Malian security officials show a jihadist flag they said belonged to attackers in front of the Radisson hotel in Bamako, Mali

PHOTO: Malian security officials show a jihadist flag they said belonged to attackers. (Reuters: Joe Penney)   21 Nov 2015

Malian security forces are hunting three suspects connected to the attack on a hotel in the capital, Bamako, on Friday 20th, in which 19 were killed.

Two militants were also killed, after special forces stormed the hotel, freeing dozens of trapped guests.

Al-Qaeda in the Islamic Maghreb and its affiliate, al-Murabitoun, said they carried out the attack.

At least 21 people have been killed after suspected Islamist militants stormed a luxury hotel in Mali’s capital and took scores of guests and staff hostage.

What we know about the hostages:

  • 170 (140 guests and 30 staff) taken hostage
  • American, Turkish, French, Indian and Algerian nationals were in the hotel
  • At least 19 hostages killed, including Russian and Chinese citizens
  • Gunmen freed some, including those able to recite verses of the Koran

What we know about the gunmen:

  • Reports as many as 10 attackers involved
  • At least 2 attackers killed
  • African Jihadist group claimed responsibility on Twitter, but not yet verified
  • Attackers moved floor to floor in the hotel
  • Gunmen heard shouting “Allahu Akbar” (God is greatest) as they entered hotel
  • Automatic weapons fire heard from outside hotel

President Ibrahim Boubacar Keita announced the hostage death toll at 19 and said seven people were wounded in the attack. He said two militants had also died.

“Tonight the death toll is heavy,” Mr Keita said on state television, declaring a 10-day state of emergency and three days of national mourning.

A total of 170 people, including many foreigners, were inside the Radisson Blu hotel in Bamako when the gunmen, driving a car with diplomatic plates, broke through security.

The hostages were held for several hours before Malian commandos made their move to free the hostages.

“They currently have no more hostages in their hands and forces are in the process of tracking them down,” security minister Salif Traore told a news conference following the stand-off.

A UN official earlier said peacekeepers searching the hotel made a preliminary count of 27 bodies, but the figure was revised down by the president’s office.

Chinese president Xi Jinping condemned the attack which claimed the lives of three Chinese executives with the state-owned China Railway Construction Corp.

Russia’s foreign ministry has also announced some of its citizens were killed.

US president Barack Obama called the attack “appalling”.

“This barbarity only stiffens our resolve to meet this challenge,” he said during a visit to Malaysia, referring to the global threat of extremist violence.

African jihadists claim responsibility

An African Jihadist group affiliated with Al-Qaeda has claimed responsibility for the attack.

Al-Murabitoun, a group based in northern Mali and made up mostly of Tuaregs and Arabs, posted a message on Twitter saying it was responsible, as well as a video message that was broadcast by Qatar-based Al-Jazeera television.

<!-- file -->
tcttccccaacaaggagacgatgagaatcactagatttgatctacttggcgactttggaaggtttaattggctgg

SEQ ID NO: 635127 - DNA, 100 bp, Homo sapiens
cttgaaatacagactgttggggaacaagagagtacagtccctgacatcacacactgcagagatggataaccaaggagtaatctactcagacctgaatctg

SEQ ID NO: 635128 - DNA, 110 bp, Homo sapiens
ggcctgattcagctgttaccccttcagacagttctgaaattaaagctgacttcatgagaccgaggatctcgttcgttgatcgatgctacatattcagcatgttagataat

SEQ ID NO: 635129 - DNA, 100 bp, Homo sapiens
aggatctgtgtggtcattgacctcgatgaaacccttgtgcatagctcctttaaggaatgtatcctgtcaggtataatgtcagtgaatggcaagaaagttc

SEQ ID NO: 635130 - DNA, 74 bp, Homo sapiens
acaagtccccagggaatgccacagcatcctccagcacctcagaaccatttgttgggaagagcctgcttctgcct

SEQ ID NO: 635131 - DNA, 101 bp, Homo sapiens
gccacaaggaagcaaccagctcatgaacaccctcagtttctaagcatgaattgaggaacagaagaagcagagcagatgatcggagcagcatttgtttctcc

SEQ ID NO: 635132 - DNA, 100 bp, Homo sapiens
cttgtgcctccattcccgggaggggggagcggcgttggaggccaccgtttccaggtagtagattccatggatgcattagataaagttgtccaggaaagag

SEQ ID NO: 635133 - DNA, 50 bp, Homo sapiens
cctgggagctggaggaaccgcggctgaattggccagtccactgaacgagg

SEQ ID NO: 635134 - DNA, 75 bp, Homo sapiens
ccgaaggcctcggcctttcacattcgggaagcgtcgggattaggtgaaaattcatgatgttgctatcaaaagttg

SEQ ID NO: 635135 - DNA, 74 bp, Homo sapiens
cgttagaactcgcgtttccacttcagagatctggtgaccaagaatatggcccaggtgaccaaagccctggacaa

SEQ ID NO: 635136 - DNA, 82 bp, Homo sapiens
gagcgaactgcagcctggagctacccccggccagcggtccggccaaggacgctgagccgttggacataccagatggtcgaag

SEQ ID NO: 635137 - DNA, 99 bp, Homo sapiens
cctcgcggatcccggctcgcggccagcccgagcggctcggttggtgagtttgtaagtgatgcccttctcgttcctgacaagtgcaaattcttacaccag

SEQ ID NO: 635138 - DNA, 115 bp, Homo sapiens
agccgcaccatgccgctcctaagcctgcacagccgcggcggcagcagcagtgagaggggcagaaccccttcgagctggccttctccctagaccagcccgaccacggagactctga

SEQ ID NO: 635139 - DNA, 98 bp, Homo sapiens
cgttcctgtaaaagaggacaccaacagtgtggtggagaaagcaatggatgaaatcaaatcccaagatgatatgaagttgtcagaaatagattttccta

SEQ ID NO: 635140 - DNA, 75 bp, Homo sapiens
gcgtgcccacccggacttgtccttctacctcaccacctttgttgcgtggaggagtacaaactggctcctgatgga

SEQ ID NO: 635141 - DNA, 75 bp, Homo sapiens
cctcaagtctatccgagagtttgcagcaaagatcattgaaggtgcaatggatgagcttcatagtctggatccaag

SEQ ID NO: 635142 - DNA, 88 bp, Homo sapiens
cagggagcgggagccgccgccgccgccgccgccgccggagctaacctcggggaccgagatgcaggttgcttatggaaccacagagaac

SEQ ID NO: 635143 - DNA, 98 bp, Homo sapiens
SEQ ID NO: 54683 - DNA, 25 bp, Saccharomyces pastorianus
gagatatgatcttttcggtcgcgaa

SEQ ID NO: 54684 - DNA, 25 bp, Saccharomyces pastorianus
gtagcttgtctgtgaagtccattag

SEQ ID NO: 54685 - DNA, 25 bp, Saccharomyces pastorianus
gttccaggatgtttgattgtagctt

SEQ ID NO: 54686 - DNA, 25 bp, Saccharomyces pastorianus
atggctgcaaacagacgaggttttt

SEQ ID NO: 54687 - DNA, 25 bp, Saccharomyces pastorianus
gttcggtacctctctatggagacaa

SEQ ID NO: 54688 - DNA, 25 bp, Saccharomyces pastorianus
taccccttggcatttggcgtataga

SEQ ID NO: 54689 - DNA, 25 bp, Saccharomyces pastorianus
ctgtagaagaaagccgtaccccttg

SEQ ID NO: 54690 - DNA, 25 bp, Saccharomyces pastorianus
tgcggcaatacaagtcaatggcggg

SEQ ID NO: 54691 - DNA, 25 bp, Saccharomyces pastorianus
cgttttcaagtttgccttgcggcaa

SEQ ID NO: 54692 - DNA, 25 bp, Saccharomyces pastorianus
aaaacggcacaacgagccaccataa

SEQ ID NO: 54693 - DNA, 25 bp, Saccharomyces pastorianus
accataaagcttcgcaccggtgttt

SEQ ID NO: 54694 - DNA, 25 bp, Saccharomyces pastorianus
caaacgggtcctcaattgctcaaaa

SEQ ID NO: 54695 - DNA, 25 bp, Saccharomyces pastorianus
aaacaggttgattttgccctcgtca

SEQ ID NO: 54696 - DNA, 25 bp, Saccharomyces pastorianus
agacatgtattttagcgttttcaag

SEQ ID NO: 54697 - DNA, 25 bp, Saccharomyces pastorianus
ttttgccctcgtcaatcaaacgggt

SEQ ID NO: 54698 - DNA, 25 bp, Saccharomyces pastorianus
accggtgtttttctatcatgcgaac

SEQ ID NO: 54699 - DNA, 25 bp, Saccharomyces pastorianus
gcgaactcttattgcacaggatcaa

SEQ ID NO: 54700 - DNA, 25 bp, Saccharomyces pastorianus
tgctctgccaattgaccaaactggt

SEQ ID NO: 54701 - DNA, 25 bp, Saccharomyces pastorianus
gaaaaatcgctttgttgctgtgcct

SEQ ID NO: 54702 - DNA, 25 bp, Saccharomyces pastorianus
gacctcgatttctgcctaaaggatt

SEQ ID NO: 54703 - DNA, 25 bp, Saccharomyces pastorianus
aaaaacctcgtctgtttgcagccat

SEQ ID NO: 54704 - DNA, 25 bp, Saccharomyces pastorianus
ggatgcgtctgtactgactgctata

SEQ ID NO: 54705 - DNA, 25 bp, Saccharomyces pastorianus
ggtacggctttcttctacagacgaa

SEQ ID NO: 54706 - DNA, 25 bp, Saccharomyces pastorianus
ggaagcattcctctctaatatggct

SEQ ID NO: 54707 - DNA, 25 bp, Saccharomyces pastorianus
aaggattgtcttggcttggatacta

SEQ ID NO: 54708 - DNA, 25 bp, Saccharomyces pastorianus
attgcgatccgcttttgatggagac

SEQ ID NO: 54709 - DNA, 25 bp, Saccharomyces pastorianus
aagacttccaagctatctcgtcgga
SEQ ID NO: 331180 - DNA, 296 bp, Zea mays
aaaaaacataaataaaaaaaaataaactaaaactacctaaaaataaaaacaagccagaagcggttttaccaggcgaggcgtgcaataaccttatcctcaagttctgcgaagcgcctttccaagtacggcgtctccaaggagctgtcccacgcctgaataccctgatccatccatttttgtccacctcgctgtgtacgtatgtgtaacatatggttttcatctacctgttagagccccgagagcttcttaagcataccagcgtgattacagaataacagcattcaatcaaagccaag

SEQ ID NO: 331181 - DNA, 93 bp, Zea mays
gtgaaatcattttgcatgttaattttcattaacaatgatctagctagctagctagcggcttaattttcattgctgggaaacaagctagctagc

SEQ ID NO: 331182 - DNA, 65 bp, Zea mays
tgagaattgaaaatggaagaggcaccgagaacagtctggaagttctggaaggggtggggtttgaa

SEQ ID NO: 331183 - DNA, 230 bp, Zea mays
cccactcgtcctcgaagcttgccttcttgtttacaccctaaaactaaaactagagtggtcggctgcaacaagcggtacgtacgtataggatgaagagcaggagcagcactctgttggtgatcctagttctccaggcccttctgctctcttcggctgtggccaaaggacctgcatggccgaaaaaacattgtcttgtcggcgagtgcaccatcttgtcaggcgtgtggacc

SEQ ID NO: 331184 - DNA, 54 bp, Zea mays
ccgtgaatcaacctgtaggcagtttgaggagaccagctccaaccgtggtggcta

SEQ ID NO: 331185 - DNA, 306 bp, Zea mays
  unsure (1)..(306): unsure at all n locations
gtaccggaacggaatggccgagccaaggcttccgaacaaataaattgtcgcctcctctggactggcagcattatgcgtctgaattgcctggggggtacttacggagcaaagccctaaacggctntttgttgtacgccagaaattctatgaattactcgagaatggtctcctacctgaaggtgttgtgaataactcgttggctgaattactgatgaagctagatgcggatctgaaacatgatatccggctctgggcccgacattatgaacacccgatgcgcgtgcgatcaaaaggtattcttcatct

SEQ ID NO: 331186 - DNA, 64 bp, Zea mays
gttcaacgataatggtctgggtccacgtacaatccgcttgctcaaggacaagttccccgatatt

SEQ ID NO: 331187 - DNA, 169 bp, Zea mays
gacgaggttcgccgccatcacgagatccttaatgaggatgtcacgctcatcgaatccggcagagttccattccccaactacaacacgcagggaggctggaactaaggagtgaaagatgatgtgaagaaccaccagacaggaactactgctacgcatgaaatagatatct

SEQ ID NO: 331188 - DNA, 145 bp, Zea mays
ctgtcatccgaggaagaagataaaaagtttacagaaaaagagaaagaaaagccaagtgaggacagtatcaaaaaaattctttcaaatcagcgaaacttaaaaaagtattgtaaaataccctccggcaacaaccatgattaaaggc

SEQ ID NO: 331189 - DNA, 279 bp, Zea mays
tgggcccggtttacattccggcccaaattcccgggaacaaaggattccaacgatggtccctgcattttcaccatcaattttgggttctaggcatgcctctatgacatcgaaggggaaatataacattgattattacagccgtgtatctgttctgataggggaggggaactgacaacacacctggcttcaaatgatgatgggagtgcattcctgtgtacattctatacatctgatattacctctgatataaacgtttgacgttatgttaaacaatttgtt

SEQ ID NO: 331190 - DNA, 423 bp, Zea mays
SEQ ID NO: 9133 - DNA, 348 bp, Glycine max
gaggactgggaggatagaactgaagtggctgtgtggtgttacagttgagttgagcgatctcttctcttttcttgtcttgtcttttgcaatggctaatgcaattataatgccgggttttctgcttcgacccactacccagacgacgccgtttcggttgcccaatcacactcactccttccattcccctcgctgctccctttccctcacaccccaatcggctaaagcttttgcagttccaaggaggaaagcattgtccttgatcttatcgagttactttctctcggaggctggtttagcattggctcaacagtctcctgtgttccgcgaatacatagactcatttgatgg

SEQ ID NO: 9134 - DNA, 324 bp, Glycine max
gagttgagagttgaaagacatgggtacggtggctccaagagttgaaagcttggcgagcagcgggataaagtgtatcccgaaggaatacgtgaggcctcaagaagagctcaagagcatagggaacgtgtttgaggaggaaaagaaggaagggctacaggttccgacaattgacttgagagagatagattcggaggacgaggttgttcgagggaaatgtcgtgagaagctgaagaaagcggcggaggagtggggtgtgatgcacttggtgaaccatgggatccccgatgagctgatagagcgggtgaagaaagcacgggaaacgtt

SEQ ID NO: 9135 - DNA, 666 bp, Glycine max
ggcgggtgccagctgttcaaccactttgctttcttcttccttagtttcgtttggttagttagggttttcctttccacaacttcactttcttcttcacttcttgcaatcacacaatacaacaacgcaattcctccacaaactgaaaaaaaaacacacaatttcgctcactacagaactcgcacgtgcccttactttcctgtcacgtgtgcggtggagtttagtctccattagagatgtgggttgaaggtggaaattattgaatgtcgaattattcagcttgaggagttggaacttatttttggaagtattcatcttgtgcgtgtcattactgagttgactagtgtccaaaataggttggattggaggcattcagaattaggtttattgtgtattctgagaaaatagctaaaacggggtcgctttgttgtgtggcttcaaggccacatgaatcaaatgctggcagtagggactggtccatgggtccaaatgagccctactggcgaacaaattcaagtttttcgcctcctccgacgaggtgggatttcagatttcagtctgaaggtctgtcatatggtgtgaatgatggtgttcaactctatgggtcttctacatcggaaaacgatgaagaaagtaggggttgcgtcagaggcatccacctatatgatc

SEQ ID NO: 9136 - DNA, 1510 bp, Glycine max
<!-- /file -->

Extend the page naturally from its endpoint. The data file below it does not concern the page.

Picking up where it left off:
“We the Murabitoun, with the participation of our brothers from Al-Qaeda in the Islam Maghreb (AQIM), claim the hostage-taking operation at the Radisson hotel,” said a man’s voice in an audio recording.

A security source said the gunmen had dug in on the seventh floor of the hotel as special forces advanced on them.

US and French special forces were on site to help in the rescue operation.

State television showed footage of troops in camouflage fatigues wielding AK47s in the lobby of the Radisson Blu. In the background, a body lay under a brown blanket at the bottom of a flight of stairs.

Mr Traore said the gunmen burst through security at the hotel entrance at 7:00am local time, spraying the area with gunfire and shouting “Allahu Akbar”, or “God is greatest” in Arabic.

Occasional bursts of gunfire were heard as the assailants went through the seven-storey building, room-by-room and floor-by-floor, one senior security source and a witness said.

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MaliListenOfficially the Republic of Mali ( French: République du Mali), is a landlocked country in West Africa.

Mali is the eighth-largest country in Africa, with an area of just over 1,240,000 square kilometres (480,000 sq mi). The population of Mali is 14.5 million. Its capital is Bamako. Mali consists of eight regions and its borders on the north reach deep into the middle of theSahara Desert, while the country’s southern part, where the majority of inhabitants live, features the Niger and Senegal rivers.

The country’s economy centers on agriculture and fishing. Some of Mali’s prominent natural resources include gold, being the third largest producer of gold in the African continent,[7] and salt. About half the population lives below the international poverty line of $1.25 (U.S.) a day.[8] A majority of the population (55%) are non-denominational Muslims.[9]